Teens' Social Media Activity Is Diversifying
Jim LiebeltJim Liebelt's Blog
- 2015 Apr 13
*The following is excerpted from an online article from TechCrunch.
A new report from Pew Research Center finds that teenagers still love Facebook, but access a growing number of popular social media providers, and their smartphones provide them with almost constant online access.
First startling stat: access to mobile devices is enabling a nearly quarter (24%) of teens to be online “almost constantly”.
Smartphone penetration (either ownership or access to a device) stands at a not-so-surprising three-quarters (73%) of teens, according to Pew. A further 30% of teens have access to a basic mobile.
Almost all (92%) the polled teens profess to go online daily. A majority (56%) are online several times per day. While those youngsters not getting a daily tech fix are a vanishingly tiny minority: just six per cent of teens report going online only weekly. And but 12% limit their digital activity to a once per day fix.
As you’d expect, access to mobile devices drives increased teen time online, with the vast majority (94%) of teens who access the Internet on a mobile going online daily or more often.
"American teens, especially African-American youth, have embraced smartphones and the 24/7 access to people and information that they offer," notes Amanda Lenhart, associate director for Research at the Pew Research Center and the report’s lead author, in a statement.
So what social media services are America’s Actual Teens obsessing about? Facebook first and foremost — which remains the dominant social network for U.S. kids. A majority (71%) of these 13- to 17-year-olds report using Facebook. Next most popular is Facebook-owned photo-sharing service Instagram, used by 52% of teens. Then it’s Snapchat (41%); Twitter(33%) and Google+ (33%); Twitter-owned Vine (24%); and Tumblr (14%).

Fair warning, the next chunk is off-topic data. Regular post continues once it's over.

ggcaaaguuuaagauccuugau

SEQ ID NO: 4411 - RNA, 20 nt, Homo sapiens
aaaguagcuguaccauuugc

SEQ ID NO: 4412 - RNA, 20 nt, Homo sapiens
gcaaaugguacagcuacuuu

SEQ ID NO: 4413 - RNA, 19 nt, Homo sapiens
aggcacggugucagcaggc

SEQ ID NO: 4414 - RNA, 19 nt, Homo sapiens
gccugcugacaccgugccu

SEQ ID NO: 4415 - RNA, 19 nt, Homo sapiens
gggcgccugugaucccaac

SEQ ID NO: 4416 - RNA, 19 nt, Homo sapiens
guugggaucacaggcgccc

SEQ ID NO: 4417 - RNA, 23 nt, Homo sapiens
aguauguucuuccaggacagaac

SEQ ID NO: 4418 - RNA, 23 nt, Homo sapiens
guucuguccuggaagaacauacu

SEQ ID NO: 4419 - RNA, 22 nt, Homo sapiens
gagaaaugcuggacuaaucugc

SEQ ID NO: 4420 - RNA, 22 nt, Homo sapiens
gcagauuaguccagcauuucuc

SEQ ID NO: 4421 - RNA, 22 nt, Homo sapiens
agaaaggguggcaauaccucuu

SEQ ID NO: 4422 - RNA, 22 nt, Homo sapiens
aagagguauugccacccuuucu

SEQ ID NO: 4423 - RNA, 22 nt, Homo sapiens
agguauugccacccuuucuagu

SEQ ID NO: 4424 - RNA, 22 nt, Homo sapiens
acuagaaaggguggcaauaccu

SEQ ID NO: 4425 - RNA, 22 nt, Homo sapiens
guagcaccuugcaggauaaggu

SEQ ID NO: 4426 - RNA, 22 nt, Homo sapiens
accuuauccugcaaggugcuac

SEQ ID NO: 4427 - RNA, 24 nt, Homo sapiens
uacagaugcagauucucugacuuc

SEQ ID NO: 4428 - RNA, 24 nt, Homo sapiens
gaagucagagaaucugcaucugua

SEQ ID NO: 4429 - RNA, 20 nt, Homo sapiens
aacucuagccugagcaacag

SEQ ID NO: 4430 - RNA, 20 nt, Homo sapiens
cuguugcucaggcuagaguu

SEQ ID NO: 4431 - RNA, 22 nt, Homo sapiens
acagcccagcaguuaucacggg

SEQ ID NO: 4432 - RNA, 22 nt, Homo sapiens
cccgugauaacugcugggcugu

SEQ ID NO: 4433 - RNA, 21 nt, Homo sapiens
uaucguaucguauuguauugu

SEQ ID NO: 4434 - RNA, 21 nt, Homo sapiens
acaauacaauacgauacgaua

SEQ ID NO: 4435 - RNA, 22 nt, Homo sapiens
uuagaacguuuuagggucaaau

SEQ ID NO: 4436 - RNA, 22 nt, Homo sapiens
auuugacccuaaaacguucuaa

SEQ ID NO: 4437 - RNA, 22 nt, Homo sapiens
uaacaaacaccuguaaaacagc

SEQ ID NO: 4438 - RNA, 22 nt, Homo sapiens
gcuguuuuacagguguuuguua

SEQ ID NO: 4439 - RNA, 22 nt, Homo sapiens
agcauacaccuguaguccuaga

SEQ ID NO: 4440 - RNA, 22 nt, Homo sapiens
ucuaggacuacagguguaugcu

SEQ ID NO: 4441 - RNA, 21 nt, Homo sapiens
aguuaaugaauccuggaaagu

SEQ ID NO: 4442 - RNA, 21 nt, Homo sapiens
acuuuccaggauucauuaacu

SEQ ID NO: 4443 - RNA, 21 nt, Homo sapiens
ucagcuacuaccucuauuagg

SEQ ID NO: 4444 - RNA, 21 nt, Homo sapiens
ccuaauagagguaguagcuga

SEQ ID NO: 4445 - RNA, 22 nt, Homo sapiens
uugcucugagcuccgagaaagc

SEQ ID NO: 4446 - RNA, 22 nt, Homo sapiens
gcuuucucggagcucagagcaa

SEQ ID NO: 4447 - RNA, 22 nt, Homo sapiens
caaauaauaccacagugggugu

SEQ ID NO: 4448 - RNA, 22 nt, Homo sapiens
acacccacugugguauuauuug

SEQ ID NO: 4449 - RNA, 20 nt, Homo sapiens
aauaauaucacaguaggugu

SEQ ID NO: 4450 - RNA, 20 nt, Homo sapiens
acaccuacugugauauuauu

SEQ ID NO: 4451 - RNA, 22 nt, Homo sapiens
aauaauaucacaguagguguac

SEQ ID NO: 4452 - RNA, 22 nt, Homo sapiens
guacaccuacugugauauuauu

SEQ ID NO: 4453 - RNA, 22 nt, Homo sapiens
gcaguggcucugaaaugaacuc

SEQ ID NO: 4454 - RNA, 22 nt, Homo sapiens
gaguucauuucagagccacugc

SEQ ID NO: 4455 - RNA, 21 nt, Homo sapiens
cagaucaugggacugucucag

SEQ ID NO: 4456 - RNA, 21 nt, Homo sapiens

Pew notes that teens are diversifying their social network site use, with a majority (71%) reporting using more than one social network site out of the seven platform options they were asked about. Among the fifth (22%) of teens who only use one site, most (66%) use Facebook as their sole social fix, while 13% use Google+, 13% use Instagram and 3% use Snapchat.
Facebook also came out on top as the platform teens use most often, with 41% of teens identifying it as their most frequently used social service, followed by Instagram (20%), and Snapchat (11%).
The research identified some gender differences in U.S. teens’ online social activity, with boys more likely to report visiting Facebook more often (45% of boys vs 36% of girls), and girls more likely to report using Instagram than boys (23% vs 17%). Girls are also reported as generally dominating visually oriented social media platforms (including Pinterest), while boys are more likely to report gaming activity, either on a console or their smartphone. (Although it should be noted that a majority of both genders report playing games.)